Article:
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February 2016

Blog life

Disconnecting

February 1, 2016

Social media and smart phones are great tools for keeping in touch with people. They can also be a huge time suck.

I’ve always been conscious of how much I use my phone or visit Facebook. Recently, I’ve found myself more and more reaching for my phone when I have down time. Every time I open a web browser, I immediately check Facebook. As much as I hate to admit it, these actions have become habits.

Quitting cold turkey is often an ineffective way to kick a habit, so instead of cutting everything out, I am going to work on lessening my dependence on Facebook, Instagram, Snapchat and my smart phone. And thankfully, I have a PIC, partner in crime, in my husband.

One thing I do enjoy about Facebook is the connectivity it allows. I have family and friends that live far away, and Facebook allows me to keep up with their lives in an effective manner. But it would be just as effective for me to check my personal Facebook once a day instead of once an hour. SO. Keith and I have committed to checking our Facebook only once a day (I am connected to a few different accounts at work, however, and need to visit the pages once a day. I will try to refrain from spending time on my personal page when checking these other pages.).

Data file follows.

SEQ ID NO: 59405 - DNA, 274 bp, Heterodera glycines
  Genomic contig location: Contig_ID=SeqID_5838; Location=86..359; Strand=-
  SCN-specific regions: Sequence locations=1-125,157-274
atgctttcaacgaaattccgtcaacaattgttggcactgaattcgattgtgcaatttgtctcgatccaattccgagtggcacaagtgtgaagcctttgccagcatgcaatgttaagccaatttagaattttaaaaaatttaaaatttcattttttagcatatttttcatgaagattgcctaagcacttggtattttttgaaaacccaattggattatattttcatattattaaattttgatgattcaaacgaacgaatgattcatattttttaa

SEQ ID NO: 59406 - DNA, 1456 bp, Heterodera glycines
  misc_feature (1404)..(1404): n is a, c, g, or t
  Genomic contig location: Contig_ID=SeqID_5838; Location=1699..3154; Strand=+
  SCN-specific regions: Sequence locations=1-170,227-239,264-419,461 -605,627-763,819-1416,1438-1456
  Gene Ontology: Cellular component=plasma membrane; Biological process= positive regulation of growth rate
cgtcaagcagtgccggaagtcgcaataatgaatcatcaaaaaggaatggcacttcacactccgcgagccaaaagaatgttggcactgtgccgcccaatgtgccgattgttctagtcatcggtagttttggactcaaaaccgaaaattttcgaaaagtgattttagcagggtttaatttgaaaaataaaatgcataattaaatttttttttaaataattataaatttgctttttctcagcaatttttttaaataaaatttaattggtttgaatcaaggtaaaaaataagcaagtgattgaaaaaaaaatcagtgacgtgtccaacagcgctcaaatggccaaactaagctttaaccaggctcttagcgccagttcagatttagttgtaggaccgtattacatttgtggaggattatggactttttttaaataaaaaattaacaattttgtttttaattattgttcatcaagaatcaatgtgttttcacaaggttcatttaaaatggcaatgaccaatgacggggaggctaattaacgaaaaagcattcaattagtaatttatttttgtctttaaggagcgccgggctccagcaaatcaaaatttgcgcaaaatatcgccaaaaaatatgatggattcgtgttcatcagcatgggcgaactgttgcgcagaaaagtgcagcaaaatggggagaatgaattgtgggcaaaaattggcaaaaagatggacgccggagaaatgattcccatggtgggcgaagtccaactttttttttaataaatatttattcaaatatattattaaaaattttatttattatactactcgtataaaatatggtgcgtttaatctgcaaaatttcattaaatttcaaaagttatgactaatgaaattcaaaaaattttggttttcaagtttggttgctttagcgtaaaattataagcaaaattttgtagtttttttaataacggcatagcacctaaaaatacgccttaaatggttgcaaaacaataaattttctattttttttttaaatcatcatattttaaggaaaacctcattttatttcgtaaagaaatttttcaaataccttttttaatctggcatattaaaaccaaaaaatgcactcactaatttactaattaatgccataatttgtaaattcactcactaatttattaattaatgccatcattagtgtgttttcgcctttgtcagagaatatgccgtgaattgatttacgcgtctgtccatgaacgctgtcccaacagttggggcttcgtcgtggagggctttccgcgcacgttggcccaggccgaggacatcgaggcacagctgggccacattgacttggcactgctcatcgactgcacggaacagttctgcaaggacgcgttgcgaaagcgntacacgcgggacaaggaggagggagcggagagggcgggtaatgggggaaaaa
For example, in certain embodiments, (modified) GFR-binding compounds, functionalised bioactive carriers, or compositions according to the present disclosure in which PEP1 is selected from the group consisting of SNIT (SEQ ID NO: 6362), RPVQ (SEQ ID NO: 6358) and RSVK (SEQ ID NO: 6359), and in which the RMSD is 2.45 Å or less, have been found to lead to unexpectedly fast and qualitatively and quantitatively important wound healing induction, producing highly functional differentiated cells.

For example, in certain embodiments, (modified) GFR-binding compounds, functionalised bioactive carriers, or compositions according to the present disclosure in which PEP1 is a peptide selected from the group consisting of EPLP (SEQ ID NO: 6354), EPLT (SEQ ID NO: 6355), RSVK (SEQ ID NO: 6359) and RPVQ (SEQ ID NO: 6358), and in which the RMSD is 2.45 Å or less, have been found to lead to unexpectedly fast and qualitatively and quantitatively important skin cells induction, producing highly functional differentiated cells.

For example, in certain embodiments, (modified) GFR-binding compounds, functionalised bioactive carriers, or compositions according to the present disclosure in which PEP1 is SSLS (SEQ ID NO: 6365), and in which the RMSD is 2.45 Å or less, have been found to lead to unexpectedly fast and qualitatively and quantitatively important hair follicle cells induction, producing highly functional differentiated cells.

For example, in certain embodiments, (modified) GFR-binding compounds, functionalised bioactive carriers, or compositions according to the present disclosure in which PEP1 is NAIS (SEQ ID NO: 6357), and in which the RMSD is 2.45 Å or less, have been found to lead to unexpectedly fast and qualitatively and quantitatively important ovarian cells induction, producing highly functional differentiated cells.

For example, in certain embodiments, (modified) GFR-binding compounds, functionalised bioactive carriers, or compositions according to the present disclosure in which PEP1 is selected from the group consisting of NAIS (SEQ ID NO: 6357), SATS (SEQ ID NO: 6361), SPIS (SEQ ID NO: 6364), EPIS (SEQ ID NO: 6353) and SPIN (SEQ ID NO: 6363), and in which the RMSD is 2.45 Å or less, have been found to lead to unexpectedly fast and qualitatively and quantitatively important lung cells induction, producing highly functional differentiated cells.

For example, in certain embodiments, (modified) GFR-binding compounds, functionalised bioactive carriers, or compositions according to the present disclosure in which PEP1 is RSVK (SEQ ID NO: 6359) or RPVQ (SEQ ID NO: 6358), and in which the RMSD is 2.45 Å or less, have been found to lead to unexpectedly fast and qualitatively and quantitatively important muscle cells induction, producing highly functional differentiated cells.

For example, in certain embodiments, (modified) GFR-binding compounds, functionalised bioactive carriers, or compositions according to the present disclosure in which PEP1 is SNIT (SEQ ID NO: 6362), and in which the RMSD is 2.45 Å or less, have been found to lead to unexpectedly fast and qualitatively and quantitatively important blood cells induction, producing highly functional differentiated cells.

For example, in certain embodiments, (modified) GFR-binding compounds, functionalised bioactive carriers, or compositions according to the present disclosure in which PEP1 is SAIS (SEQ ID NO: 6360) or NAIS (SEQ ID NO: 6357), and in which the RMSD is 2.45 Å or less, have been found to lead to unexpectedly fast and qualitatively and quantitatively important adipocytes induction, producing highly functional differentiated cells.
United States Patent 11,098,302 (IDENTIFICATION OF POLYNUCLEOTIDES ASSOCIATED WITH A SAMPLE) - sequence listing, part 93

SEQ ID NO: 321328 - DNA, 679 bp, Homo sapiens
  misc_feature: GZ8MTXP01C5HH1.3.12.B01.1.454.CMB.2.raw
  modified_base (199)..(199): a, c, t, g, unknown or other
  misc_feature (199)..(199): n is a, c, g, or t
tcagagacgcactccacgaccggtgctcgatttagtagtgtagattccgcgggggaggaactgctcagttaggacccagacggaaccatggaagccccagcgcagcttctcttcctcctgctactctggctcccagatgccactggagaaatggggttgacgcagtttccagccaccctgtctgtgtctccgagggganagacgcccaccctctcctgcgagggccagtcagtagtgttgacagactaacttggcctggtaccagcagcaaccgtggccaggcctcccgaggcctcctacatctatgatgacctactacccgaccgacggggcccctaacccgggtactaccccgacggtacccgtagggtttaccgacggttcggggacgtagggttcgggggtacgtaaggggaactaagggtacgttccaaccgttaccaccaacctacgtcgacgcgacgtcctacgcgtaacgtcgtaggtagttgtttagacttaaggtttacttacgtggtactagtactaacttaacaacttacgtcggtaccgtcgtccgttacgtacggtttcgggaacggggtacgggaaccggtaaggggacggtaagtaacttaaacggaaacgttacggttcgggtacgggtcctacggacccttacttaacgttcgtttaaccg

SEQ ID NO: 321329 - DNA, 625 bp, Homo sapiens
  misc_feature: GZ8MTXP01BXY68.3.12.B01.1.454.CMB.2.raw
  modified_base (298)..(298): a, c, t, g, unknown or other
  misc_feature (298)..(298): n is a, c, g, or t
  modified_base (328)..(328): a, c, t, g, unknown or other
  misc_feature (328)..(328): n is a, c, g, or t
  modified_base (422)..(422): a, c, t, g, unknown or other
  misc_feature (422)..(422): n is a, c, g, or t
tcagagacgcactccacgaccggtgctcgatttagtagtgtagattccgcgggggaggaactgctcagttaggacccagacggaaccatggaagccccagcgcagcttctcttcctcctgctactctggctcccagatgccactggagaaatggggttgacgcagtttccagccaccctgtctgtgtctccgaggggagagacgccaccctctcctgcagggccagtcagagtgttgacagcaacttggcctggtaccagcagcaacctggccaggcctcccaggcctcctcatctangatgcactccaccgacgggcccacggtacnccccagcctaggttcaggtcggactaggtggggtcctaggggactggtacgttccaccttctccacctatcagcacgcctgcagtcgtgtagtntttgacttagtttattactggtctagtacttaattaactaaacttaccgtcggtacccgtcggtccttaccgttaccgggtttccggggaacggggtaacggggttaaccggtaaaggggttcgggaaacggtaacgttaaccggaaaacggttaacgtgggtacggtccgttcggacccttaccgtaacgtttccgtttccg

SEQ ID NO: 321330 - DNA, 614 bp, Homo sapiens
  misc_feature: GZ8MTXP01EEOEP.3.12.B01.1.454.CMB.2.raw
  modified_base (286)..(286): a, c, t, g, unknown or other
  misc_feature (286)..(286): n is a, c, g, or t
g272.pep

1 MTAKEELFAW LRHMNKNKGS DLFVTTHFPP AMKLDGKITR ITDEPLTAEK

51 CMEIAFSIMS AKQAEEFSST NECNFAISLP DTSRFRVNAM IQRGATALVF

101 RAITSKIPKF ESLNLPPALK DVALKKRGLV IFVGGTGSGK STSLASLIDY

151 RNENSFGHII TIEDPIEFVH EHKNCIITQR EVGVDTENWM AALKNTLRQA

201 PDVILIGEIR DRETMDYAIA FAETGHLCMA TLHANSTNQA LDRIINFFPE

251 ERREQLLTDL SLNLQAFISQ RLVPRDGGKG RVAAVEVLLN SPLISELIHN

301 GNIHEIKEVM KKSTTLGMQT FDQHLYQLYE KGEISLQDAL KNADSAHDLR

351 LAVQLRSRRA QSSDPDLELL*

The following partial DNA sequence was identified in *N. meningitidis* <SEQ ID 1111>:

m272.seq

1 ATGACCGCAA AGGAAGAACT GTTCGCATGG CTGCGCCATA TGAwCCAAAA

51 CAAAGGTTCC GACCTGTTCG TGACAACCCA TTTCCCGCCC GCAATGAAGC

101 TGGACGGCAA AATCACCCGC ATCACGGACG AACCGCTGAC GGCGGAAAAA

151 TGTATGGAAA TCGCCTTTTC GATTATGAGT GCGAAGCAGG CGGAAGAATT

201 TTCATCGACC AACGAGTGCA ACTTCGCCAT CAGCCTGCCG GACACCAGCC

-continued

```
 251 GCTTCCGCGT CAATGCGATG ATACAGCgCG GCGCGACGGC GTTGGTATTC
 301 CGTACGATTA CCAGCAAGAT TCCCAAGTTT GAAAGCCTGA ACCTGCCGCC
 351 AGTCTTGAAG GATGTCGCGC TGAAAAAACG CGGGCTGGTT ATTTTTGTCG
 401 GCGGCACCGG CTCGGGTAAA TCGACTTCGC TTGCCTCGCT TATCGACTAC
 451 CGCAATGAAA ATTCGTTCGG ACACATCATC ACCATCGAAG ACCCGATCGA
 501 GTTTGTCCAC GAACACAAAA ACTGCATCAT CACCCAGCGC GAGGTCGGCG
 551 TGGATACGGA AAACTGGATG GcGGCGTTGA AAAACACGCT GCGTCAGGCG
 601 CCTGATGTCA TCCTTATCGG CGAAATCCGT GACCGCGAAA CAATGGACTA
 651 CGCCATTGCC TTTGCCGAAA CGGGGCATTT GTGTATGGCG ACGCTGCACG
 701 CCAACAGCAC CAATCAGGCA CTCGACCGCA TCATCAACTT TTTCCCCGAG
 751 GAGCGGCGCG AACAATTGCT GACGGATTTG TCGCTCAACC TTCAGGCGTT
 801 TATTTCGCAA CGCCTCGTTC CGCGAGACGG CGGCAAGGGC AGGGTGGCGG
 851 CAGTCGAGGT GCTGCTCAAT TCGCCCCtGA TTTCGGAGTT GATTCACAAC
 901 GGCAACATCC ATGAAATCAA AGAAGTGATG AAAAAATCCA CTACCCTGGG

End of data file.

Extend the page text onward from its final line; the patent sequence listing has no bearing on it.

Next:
I’ve already deleted Snapchat (if you can send it in a snap, you can send it in a text) and have unfollowed a number of accounts on Instagram that only serve as advertisements of some kind.

instagram

Keith and I have also committed to phone-free evenings. After 7pm, phones will go away. They’ll stay on in case of a phone call or text, but our goal is to cut out the mindless scrolling while sitting next to each other while not talking.

I am also going to get an alarm clock. Waking up and immediately seeing email, text and app notifications is not how I want to begin my day. I’ve started to turn off these notifications, but I’m really looking forward to moving my phone off my nightstand.

I am really interested to see if Keith or I experience any kind of withdrawal symptoms. Even though I feel I’ve been aware of my phone/social media usage and tried to keep it to a minimum, I know I’ve ramped up my connectedness lately, so am expecting to feel some kind of withdrawal.

My goal in all of this is to truly be present at every moment, to stop mindlessly flicking through social media, switching from app to app to find something to entertain my mind. I want to send more time doing what I loveโ€”reading, crafting, cooking, spending time with people I care about.